A Meditation for Trinity Sunday

Rublev's Icon of the Trinity

Rublev’s Icon of the Trinity

Consider the following statements:

  • There is no God but Allah
  • God Bless You
  • May the Force be with You
  • Blessed be God: Father, Son, and Holy Spirit

Depending on one’s definition of “Allah” or “the Force” or “God,” each of these statements might be referring to the same divine being and simply using different words to do so. On the other hand, they could each be making radically different statements.

Gregory of Nazianzus is famous for saying “when I say God, I mean Father, Son, and Holy Spirit” (Oration 38.8). Perhaps Gregory has a point, perhaps we need to be careful to be clear about what we mean when we say “God.”

If we are speaking of the God who is incarnate in the person of Jesus then we are speaking of the God who is Triune. To speak of the Father of our Lord Jesus Christ is to speak of the God who is loving relationship, the God who doesn’t just “do relationship” but is relationship. The God who doesn’t just love but is love. When we speak of the Father, Son, and Holy Spirit, we are speaking of the God who is personal, connected, and relational, and we are therefore not speaking of God as merely an impersonal force at work in the world.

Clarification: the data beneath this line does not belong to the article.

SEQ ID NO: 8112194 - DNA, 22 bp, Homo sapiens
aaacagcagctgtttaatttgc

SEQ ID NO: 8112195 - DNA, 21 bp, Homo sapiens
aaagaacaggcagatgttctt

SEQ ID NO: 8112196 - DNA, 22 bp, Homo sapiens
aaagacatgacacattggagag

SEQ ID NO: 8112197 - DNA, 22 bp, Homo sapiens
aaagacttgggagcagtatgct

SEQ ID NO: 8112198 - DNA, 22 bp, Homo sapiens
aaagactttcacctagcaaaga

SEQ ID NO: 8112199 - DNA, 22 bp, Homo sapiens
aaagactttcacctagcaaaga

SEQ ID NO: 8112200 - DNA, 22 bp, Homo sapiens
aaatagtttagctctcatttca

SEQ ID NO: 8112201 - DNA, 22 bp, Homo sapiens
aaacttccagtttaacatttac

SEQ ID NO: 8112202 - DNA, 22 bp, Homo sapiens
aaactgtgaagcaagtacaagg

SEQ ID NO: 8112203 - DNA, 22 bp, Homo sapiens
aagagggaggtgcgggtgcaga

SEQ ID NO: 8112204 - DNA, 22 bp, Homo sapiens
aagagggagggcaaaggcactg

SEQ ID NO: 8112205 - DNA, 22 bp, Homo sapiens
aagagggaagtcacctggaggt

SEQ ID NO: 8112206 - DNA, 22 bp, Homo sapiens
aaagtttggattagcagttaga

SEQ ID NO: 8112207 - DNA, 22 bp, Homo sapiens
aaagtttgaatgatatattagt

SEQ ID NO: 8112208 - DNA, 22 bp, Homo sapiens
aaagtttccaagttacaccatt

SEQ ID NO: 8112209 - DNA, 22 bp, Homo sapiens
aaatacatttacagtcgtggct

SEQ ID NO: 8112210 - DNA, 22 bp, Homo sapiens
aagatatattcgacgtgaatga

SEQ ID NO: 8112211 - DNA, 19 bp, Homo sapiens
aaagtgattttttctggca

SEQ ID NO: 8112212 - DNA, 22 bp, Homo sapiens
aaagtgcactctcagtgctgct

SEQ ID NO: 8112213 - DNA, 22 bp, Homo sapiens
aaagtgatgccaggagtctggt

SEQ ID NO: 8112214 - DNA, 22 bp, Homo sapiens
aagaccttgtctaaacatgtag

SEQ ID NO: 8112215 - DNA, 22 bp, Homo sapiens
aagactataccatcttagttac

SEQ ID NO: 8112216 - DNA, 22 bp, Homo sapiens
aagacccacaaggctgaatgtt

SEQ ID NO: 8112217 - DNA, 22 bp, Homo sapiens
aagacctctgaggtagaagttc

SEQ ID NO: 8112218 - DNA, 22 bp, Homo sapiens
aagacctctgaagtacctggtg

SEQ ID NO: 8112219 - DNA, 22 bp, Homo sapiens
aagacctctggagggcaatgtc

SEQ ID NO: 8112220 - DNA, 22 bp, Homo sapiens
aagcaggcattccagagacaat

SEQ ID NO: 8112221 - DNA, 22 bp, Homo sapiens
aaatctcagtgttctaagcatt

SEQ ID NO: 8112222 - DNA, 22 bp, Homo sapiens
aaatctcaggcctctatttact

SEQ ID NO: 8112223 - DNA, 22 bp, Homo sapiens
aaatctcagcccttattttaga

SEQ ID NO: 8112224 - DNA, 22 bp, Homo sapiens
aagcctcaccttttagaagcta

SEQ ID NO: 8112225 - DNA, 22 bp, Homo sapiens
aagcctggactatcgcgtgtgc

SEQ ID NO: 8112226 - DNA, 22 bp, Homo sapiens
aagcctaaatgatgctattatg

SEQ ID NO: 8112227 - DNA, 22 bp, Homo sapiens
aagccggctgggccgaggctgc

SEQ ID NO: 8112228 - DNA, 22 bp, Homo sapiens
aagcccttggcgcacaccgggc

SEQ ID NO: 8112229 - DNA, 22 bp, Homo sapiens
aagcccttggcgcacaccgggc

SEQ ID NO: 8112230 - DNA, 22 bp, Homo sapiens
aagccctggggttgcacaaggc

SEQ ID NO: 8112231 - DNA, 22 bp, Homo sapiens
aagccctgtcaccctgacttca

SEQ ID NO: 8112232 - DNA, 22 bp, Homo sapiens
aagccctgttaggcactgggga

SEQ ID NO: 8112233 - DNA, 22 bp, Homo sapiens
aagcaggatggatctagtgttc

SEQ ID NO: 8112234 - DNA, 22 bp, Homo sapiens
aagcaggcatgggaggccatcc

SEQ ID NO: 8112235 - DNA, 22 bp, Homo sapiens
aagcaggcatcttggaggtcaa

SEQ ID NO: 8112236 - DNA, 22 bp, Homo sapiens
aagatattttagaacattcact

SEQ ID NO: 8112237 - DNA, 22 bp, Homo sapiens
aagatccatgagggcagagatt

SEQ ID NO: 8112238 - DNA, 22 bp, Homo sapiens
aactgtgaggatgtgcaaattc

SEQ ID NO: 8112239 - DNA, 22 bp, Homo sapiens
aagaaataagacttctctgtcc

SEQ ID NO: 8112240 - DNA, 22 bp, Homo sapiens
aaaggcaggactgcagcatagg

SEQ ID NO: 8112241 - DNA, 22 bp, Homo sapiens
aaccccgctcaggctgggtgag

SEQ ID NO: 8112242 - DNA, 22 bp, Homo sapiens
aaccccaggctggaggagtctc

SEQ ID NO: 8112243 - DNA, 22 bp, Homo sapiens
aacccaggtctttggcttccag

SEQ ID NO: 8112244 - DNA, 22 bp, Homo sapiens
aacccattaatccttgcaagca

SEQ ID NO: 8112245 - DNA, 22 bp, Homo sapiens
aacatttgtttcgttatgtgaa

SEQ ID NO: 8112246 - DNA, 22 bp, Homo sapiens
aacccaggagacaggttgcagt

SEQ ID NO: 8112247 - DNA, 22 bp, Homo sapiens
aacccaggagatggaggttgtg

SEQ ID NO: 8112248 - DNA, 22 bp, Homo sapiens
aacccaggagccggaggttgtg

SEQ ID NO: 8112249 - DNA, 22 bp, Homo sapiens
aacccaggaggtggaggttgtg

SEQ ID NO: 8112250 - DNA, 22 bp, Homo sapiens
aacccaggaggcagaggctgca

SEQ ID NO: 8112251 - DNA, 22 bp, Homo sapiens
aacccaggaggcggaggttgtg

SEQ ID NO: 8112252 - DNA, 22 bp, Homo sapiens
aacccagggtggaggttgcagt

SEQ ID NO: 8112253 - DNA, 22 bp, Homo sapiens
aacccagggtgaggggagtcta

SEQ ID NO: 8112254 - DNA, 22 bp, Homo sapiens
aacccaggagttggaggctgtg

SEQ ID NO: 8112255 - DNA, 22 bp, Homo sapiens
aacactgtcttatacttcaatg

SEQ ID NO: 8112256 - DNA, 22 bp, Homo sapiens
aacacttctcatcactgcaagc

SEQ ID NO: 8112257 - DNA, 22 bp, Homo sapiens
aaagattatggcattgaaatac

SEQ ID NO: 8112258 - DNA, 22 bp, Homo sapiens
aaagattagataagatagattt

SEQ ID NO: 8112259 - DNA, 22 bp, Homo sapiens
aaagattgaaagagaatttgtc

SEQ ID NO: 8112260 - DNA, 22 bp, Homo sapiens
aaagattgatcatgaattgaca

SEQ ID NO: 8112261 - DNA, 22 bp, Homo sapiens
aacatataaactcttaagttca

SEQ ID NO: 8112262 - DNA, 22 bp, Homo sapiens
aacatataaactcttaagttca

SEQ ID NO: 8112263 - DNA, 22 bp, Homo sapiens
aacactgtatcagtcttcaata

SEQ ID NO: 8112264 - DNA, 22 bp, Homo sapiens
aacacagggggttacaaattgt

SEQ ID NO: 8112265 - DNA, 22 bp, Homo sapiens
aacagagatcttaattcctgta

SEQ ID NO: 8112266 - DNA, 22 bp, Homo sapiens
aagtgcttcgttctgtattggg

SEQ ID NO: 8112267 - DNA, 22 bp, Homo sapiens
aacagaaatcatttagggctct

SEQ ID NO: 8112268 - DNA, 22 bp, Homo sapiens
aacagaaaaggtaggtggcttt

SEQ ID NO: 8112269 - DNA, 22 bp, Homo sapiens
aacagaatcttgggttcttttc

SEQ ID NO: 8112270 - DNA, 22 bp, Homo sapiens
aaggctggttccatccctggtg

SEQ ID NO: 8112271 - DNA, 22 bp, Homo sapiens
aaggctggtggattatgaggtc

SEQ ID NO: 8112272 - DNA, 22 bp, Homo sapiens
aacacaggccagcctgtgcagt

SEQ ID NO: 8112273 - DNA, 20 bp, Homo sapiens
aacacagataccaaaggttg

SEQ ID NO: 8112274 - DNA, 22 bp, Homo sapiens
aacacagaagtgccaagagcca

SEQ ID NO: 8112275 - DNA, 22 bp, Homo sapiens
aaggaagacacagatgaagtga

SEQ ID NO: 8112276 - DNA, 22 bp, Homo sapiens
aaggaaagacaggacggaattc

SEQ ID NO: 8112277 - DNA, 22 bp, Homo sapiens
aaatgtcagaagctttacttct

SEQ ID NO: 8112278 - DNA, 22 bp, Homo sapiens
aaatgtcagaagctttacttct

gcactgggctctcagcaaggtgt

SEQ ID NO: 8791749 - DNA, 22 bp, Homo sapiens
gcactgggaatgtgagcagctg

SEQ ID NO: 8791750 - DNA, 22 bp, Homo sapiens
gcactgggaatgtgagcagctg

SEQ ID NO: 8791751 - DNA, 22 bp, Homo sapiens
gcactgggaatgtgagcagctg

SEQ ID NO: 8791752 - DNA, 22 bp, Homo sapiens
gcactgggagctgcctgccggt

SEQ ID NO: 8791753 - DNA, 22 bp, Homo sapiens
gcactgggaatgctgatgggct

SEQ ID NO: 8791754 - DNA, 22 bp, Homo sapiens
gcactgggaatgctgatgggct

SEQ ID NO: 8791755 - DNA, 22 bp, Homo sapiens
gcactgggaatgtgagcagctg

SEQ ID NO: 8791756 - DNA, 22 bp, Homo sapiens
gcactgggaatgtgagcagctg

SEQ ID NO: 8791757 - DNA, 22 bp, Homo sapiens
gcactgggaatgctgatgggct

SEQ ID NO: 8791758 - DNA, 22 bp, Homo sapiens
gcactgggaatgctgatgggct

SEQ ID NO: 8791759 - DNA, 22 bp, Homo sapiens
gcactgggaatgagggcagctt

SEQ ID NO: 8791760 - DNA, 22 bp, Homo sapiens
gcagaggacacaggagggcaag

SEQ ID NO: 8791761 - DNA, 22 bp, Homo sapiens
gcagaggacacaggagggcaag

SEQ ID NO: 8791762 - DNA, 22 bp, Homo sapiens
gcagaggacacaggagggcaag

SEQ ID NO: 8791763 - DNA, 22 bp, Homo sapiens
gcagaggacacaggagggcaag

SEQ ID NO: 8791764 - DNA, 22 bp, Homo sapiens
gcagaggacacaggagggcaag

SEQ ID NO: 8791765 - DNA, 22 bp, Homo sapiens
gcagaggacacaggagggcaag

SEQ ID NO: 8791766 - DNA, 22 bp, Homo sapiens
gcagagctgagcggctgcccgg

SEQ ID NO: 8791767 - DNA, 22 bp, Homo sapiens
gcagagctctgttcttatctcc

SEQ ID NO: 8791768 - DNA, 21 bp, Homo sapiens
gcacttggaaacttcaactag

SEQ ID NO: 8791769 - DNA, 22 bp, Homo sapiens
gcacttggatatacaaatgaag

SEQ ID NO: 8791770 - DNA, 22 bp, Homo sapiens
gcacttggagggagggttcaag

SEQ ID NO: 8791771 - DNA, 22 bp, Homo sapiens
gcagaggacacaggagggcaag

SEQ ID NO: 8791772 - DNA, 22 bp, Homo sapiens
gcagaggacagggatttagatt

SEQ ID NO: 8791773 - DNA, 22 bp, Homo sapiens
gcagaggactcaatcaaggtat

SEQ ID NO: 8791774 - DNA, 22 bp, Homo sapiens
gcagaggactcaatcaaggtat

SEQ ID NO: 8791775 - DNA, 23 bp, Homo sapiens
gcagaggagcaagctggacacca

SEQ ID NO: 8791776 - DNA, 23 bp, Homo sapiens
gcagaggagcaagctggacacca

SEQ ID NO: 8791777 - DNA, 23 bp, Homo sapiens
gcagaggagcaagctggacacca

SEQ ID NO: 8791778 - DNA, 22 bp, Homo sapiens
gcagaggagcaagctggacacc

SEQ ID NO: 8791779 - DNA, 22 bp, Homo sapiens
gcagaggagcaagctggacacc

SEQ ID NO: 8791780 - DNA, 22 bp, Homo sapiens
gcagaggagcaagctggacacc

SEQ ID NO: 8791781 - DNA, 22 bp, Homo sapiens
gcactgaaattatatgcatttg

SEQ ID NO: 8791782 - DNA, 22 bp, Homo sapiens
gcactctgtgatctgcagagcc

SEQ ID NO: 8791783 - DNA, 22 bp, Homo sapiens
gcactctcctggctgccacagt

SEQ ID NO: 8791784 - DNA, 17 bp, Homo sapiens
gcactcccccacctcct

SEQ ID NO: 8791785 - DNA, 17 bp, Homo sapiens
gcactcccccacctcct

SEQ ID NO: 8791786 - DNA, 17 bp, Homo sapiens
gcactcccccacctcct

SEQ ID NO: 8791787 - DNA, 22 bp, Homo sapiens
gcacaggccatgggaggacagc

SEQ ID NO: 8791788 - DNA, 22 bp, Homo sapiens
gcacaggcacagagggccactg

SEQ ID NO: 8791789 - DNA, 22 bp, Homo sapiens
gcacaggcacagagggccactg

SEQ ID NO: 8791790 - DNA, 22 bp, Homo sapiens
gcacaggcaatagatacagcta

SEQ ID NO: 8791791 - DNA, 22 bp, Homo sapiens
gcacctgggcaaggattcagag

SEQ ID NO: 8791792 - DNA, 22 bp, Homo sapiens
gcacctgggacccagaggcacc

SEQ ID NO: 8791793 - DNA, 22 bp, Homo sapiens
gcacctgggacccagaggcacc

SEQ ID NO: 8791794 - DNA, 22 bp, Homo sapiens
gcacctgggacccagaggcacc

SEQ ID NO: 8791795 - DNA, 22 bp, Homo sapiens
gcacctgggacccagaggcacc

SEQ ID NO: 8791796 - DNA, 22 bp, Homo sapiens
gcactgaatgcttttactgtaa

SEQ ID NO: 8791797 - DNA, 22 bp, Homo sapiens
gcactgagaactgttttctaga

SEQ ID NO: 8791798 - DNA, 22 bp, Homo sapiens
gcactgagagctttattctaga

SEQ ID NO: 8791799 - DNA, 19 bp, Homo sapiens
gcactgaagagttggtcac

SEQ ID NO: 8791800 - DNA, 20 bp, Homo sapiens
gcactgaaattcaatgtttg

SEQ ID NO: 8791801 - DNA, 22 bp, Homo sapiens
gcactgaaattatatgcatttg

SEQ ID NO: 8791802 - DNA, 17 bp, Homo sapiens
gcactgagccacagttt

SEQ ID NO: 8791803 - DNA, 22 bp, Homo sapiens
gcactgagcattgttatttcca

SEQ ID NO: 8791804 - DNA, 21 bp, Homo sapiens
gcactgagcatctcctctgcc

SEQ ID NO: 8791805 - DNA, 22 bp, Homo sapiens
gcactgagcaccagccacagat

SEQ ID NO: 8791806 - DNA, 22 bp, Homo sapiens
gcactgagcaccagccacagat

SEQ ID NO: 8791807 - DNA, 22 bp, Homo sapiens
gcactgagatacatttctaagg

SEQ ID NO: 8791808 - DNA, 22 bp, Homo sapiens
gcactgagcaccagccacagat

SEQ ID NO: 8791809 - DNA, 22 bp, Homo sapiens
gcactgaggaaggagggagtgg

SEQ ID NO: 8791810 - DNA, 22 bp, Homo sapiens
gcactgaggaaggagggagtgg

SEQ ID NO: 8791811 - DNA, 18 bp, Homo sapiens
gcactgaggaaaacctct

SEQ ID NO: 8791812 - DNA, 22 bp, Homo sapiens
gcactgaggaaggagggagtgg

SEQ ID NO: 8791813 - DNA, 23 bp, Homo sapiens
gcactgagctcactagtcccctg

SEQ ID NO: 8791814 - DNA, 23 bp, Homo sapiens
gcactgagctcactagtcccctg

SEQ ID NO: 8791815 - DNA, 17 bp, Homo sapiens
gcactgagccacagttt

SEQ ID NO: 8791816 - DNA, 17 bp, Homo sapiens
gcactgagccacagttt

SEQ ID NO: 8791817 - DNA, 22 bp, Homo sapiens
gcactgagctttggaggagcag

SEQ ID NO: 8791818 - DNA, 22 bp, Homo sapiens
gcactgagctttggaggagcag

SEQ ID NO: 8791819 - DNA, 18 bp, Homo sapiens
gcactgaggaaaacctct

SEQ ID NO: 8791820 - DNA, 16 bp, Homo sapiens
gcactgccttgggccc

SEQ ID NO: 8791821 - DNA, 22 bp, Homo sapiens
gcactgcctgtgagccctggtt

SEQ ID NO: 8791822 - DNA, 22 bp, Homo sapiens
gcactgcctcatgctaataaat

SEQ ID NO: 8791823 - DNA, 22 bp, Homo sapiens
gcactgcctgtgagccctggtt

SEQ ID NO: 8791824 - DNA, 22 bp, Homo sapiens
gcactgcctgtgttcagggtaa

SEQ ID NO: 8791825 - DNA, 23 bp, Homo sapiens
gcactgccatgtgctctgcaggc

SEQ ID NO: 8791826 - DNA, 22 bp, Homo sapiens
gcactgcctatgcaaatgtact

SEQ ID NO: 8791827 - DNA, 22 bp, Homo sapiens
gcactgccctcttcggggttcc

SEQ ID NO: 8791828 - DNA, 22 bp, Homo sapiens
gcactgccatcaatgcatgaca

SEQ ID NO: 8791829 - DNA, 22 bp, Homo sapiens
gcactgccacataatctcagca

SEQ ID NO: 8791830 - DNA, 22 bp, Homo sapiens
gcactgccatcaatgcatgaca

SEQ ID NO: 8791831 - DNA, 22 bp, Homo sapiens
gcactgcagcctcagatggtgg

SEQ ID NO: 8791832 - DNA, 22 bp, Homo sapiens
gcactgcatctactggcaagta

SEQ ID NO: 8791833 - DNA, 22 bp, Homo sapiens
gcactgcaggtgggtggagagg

We see this in the story told by our liturgical year. It tells the story of the Father sending the Son to descend into our existence, take hold of us, and then ascend, taking us with him into the relational life of love he shares with the Father. As the Father’s children through the Son we now share in the life of the Spirit who proceeds from the Father, through the Son, and baptizes us with the Son into his relationship with the Father.

This is the significance of Trinity Sunday. It is fitting – having celebrated this story of our adoption over the course of the last six months – that we should now have a day dedicated to God’s life as Trinity. That Triune Life is not something we could have known if we had not known this story of the Son’s descending and ascending to take us into God’s life. But now that we have heard and believed the story, we have an idea of what it means to say “God.” When we say “God” we mean “the Father, Son, and Holy Spirit.”

~ Jonathan Stepp

This post originally appeared at the Scholar-Priest Initiative.

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